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Exploring the effectiveness of technology-based learning on the educational outcomes of undergraduate healthcare students: an overview of systematic reviews protocol
  1. Muhammad Hibatullah Romli1,2,
  2. Manraj Singh Cheema3,
  3. Muhammad Zulfadli Mehat4,
  4. Nur Fariesha Md Hashim3,
  5. Hafizah Abdul Hamid4
  1. 1 Department of Rehabilitation Medicine, Faculty of Medicine and Health Sciences, Universiti Putra Malaysia, 43400 UPM Serdang, Selangor, Malaysia
  2. 2 Malaysian Research Institute on Ageing (MyAgeing), Universiti Putra Malaysia, 43400 UPM Serdang, Selangor, Malaysia
  3. 3 Department of Biomedical Sciences, Faculty of Medicine and Health Sciences, Universiti Putra Malaysia, 43400 UPM Serdang, Selangor, Malaysia
  4. 4 Department of Human Anatomy, Faculty of Medicine and Health Sciences, Universiti Putra Malaysia, 43400 UPM Serdang, Selangor, Malaysia
  1. Correspondence to Dr Hafizah Abdul Hamid; a_hafizah{at}


Introduction Rapid technology development due to the introduction of Industrial Revolution 4.0 and Internet of Things has created a demand and gradual transition from traditional teaching and learning to technology-based learning in higher education, including healthcare education. The COVID-19 pandemic has accelerated this process, with educators now required to quickly adapt to and adopt such changes. The abundance of available systematic reviews has made the effectiveness of such approaches ambiguous especially in healthcare education. Therefore, a protocol of the overview of systematic reviews (OoSR) is planned to extrapolate the effectiveness of technology-based learning in undergraduate healthcare education.

Methods and analysis Scopus, CINAHL, Academic Search Complete, Cochrane Library, MEDLINE and Psychology and Behavioral Sciences Collection databases were selected. Screening was conducted independently by at least two authors and the decision for inclusion was done through discussion or involvement of an arbiter against a predetermined criteria. Included articles will be evaluated for quality using A MeaSurement Tool to Assess systematic Reviews and Risk of Bias in Systematic Review tools, while primary systematic review articles will be cross-checked and reported for any overlapping using the ‘corrected covered area’ method. Only narrative synthesis will be employed according to the predefined themes into two major dimensions—theory and knowledge generation (focusing on cognitive taxonomy due to its ability to be generalised across disciplines), and clinical-based competence (focusing on psychomotor and affective taxonomies due to discipline-specific influence). The type of technology used will be identified and extracted.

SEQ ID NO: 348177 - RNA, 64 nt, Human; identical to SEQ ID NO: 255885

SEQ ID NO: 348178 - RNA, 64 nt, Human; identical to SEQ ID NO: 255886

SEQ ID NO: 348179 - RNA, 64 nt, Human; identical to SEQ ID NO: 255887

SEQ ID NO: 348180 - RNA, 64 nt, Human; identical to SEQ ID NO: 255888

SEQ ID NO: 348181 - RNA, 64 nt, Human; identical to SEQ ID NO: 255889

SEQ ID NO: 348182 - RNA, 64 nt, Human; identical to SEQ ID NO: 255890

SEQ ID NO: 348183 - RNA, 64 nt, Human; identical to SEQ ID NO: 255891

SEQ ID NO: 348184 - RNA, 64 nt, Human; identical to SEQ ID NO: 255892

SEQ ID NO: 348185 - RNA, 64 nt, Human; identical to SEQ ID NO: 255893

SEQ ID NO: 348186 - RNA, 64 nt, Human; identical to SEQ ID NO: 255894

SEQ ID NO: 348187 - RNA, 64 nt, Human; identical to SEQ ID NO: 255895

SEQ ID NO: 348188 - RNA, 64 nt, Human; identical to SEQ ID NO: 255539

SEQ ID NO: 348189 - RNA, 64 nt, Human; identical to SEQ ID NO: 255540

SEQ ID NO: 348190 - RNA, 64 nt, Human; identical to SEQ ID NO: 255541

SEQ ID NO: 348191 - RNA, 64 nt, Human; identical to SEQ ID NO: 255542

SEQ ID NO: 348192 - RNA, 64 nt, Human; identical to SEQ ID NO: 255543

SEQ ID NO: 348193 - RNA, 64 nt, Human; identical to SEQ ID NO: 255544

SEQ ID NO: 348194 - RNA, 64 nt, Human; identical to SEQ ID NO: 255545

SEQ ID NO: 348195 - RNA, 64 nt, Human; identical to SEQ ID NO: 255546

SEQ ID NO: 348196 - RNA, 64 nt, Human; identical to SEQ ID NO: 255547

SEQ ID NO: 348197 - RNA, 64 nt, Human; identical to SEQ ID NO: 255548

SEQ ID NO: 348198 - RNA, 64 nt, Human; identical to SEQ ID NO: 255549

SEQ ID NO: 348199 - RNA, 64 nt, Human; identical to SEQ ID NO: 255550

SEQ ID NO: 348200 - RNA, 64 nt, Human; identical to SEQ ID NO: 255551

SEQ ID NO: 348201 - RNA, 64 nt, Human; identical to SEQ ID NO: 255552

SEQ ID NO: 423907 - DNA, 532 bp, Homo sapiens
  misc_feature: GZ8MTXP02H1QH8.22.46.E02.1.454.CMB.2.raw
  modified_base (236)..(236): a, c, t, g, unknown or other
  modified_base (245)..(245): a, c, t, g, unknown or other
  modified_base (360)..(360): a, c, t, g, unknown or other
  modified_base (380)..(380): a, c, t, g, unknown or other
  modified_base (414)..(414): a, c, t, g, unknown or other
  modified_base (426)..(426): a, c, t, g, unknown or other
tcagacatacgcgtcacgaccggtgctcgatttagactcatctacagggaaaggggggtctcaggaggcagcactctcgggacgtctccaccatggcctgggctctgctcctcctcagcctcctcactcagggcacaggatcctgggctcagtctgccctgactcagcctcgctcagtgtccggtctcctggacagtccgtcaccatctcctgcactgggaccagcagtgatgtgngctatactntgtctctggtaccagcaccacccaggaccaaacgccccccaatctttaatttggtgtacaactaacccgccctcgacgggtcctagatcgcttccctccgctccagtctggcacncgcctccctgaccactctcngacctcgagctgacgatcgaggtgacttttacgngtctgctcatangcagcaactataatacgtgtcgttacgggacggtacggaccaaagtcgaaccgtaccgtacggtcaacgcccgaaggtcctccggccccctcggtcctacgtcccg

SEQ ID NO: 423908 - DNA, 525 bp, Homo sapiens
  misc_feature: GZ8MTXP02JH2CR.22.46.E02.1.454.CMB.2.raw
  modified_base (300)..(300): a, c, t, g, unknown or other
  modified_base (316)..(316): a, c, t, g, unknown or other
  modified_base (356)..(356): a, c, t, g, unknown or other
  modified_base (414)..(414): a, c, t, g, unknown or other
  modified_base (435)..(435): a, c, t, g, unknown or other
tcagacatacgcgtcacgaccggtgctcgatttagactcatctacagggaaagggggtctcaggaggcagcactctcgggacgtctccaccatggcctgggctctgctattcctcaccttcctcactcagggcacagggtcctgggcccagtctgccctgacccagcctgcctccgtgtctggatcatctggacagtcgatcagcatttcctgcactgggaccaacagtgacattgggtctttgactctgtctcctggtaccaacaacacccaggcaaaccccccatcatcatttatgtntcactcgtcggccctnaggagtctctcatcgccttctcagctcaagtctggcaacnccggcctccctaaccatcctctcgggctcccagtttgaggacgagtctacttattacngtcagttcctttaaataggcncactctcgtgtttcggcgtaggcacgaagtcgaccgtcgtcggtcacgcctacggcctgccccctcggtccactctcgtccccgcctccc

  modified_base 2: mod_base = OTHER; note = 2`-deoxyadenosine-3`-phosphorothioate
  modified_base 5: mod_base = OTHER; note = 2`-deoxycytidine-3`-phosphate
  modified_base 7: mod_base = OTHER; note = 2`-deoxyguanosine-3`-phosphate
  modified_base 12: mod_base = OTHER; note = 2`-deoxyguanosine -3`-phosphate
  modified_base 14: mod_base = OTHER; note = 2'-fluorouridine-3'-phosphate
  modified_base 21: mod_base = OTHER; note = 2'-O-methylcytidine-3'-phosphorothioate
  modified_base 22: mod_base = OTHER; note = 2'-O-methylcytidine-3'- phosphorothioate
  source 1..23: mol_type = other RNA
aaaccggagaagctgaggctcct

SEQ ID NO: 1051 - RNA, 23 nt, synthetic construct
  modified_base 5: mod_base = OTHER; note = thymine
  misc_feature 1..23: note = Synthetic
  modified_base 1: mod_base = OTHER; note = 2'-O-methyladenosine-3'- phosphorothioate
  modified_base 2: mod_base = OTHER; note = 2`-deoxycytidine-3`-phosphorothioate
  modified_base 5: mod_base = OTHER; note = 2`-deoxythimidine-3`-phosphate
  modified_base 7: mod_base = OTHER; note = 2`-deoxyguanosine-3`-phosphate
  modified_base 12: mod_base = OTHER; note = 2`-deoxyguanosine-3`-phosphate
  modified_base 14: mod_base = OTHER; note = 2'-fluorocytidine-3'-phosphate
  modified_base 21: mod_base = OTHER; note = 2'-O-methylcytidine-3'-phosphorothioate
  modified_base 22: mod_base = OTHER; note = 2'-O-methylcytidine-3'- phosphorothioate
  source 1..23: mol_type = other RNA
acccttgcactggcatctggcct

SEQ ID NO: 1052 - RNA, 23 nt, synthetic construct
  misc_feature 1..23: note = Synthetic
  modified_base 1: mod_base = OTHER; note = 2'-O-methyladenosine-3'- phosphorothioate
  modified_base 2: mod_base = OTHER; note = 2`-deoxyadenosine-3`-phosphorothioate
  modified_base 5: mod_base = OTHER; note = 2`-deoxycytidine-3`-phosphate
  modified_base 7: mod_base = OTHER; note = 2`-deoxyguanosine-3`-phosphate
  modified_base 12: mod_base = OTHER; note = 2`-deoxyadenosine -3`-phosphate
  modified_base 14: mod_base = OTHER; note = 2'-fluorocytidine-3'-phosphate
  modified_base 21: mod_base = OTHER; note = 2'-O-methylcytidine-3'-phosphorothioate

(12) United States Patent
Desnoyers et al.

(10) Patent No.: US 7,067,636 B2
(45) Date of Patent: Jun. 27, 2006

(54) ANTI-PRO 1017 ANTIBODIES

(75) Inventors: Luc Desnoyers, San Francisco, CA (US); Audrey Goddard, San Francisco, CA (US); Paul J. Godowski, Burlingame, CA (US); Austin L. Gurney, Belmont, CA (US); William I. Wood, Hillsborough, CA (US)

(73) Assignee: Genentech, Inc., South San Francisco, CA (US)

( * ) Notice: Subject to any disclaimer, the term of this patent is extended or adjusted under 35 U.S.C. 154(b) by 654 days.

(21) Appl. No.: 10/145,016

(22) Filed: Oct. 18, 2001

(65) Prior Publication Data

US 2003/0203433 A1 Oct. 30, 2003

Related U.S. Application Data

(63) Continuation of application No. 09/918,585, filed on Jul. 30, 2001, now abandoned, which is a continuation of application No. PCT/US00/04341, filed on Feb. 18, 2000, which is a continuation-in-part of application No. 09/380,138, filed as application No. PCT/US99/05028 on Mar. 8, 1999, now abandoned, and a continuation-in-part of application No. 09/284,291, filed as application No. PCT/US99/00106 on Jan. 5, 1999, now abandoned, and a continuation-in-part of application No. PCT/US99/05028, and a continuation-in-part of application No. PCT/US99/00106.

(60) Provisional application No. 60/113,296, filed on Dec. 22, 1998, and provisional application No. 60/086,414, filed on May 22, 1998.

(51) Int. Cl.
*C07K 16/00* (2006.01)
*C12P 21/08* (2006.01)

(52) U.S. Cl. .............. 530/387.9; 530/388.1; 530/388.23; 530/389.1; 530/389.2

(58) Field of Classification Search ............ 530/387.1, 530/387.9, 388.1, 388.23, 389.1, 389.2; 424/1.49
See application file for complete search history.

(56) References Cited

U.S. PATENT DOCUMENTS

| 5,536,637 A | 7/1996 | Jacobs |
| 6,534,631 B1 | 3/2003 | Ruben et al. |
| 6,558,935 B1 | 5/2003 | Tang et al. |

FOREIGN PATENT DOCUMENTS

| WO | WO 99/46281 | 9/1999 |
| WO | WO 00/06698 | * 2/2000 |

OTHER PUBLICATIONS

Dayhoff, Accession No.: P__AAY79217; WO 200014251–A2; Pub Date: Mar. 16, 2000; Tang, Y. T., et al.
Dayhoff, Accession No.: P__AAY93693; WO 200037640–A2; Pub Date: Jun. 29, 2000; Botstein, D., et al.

Ethics and dissemination The OoSR involves analysis of secondary data from published literature, thus ethical approval is not required. The findings will provide a valuable insight for policymakers, stakeholders, and researchers in terms of technology-based learning implementation and gaps identification. The findings will be published in several reports due to the extensiveness of the topic and will be disseminated through peer-reviewed publications and conferences.

PROSPERO registration number CRD4202017974.

  • medical education & training
  • education & training (see medical education & training)
  • natural science disciplines
  • general medicine (see internal medicine)

This is an open access article distributed in accordance with the Creative Commons Attribution Non Commercial (CC BY-NC 4.0) license, which permits others to distribute, remix, adapt, build upon this work non-commercially, and license their derivative works on different terms, provided the original work is properly cited, appropriate credit is given, any changes made indicated, and the use is non-commercial. See:

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  • Contributors All authors contributed to the conception of the protocol. MSC and HAH initiated the original idea. MHR is the consultant for the project that planned the concept, and MHR and MSC wrote the initial draft of the protocol. MHR, MSC, HAH, MZM and NFMDH critically revised the initial draft for important intellectual content. All authors gave the final approval of the manuscript submitted. All authors agreed to be accountable for all aspects related to this work.

  • Funding The authors have not declared a specific grant for this research from any funding agency in the public, commercial or not-for-profit sectors.

  • Competing interests None declared.

  • Patient and public involvement This research was done without patient involvement. Patients were not invited to comment on the study design and were not consulted to develop patient relevant outcomes or interpret the results. Patients were not invited to contribute to the writing or editing of this document for readability or accuracy.

  • Patient consent for publication Not required.

  • Provenance and peer review Not commissioned; externally peer reviewed.

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